whether last week's Hispanic Her-
itage Week helped to increase the
recognition of Hispanics as a mi-
nority group at the University.
Adoleena Gonzalez, co-chair of the
Socially Active Latino Students
Association, said the week of events
sponsored by Minority Student Ser-
vices helped unify Hispanic students.
She said the program's first event
drew more Hispanic students than
coordinators expected.
Gonzalez said the University com-
munity may traditionally overlook
Hispanics on campus because they
are not as unified as other minority
groups like Blacks and Asians.
Ann Martinez, SALSA co-chair,
agrees with Gonzalez. She said last
week's events may help increase the
recognition of Hispanics as a mi-
nority group on campus by intro-
ducing non-Hispanics to 'latino
culture.
Martinez said that the week's
theme, Hispanics and the Arts,

week
attracted many non-Hispanics, espe-
cially art and music school students
to the events.
But Cynthia Hernandez, chair of
the Council of Hispanics in Higher
Education, said it didn't attract
enough. She thinks more University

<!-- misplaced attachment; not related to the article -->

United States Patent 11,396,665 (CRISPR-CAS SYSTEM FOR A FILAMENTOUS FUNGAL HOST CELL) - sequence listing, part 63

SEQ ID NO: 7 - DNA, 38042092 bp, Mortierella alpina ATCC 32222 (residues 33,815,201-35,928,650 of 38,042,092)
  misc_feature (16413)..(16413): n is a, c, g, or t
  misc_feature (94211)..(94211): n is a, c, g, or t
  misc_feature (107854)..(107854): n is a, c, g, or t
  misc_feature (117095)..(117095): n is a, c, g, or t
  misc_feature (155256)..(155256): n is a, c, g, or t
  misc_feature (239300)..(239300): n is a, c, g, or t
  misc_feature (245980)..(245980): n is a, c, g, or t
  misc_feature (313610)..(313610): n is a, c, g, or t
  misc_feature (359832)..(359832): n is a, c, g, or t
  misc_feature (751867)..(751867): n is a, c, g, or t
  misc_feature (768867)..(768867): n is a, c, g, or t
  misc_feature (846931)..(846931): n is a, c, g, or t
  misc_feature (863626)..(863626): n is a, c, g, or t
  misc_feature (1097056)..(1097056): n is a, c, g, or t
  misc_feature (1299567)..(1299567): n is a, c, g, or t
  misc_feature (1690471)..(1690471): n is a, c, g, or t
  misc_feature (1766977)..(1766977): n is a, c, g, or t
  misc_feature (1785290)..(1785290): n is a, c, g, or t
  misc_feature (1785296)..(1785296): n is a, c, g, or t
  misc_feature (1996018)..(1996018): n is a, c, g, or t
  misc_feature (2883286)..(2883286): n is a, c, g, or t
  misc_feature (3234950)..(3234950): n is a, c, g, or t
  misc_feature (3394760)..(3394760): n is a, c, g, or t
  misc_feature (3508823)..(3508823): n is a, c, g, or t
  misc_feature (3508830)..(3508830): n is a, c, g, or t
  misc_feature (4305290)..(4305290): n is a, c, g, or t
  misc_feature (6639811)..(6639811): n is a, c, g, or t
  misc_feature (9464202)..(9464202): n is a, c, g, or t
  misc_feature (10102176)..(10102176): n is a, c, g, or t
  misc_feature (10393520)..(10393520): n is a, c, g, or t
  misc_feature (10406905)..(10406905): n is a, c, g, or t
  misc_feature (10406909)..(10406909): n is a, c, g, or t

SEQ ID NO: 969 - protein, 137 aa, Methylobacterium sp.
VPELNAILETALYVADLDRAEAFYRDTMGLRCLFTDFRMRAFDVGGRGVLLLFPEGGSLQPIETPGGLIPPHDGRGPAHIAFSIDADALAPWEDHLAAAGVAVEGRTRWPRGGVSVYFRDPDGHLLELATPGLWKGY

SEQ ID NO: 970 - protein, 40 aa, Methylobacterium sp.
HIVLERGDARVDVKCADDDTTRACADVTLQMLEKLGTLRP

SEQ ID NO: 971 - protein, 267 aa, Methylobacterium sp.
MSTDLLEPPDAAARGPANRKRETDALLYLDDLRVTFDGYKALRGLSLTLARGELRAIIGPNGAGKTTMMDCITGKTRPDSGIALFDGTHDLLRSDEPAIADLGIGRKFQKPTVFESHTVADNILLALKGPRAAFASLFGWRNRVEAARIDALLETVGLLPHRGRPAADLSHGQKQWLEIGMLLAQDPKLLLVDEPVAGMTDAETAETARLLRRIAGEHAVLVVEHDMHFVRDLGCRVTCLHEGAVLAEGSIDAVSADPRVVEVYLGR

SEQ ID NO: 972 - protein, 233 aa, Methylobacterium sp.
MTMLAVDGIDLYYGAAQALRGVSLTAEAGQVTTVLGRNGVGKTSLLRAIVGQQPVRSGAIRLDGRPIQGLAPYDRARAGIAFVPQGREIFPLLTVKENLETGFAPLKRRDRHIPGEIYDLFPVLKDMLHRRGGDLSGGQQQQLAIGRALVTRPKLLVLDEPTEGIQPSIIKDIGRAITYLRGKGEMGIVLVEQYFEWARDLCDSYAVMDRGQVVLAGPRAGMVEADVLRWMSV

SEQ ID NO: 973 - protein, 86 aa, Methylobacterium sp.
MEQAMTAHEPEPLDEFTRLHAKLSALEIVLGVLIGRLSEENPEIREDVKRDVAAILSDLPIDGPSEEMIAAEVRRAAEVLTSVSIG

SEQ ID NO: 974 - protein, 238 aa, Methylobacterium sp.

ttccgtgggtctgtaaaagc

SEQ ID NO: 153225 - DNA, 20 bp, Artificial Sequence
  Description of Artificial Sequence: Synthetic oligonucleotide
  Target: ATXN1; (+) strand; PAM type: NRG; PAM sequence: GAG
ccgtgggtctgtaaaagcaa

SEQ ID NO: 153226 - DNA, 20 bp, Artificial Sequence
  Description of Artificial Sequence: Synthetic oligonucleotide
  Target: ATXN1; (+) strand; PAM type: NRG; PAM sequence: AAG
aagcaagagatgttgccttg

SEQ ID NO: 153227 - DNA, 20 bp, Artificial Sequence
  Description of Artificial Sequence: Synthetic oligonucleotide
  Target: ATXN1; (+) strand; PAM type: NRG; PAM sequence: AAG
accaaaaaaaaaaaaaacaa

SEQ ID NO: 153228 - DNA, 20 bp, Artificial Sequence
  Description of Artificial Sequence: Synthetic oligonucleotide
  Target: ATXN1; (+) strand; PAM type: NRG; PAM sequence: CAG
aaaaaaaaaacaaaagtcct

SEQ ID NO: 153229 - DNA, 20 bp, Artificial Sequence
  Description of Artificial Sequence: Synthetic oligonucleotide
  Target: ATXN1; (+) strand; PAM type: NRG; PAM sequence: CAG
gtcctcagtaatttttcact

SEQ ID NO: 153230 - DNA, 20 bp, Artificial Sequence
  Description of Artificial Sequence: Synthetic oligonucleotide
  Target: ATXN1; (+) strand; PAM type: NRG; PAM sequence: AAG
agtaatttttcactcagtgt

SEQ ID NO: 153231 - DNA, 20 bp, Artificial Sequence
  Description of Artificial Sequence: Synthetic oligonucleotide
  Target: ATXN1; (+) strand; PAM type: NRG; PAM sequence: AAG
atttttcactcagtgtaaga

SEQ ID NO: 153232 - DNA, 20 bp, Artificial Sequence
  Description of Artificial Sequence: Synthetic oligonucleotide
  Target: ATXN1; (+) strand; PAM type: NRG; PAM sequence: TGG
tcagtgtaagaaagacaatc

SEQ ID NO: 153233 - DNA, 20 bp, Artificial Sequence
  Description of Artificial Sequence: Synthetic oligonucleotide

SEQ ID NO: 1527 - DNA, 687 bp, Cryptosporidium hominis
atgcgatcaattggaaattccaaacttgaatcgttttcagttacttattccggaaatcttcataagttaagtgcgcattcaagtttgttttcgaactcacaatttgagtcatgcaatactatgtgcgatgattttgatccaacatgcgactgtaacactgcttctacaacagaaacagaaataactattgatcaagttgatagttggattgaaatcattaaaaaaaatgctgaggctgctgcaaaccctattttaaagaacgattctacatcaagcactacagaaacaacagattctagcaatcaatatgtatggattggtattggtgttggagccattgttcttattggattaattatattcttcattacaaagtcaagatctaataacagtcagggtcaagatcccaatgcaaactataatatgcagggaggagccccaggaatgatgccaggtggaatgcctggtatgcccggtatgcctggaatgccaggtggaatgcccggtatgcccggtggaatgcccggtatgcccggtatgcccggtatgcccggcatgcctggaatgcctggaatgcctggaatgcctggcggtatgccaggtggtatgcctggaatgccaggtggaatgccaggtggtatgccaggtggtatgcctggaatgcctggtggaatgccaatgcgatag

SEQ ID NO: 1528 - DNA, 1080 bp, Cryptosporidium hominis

community members should have
attended the events.
Hernandez said that although the
week benefitted the Hispanic students
by allowing them to interact, it did
little to affect the University
community's consideration of His-
panic students as a minority group.
She attributes a lack of recog-
nition of Hispanics as a minority
group to low Hispanic enrollment on
campus and a general apathy toward
Hispanics by the University admin-
istration.
Discussing her view, Gonzalez said
that part of a lack of Hispanic unity
is that many Hispanics fail to
identify with their ethnic background.
"I think a lot of Hispanics don't
recognize they're Hispanics," she
said.
See HISPANIC, Page 3

Daily Photo by DANA MENDELSSOHN
Halloween already?
Five-year-old Jerry Hamblin holds a pumpkin in "The Great Pumpkin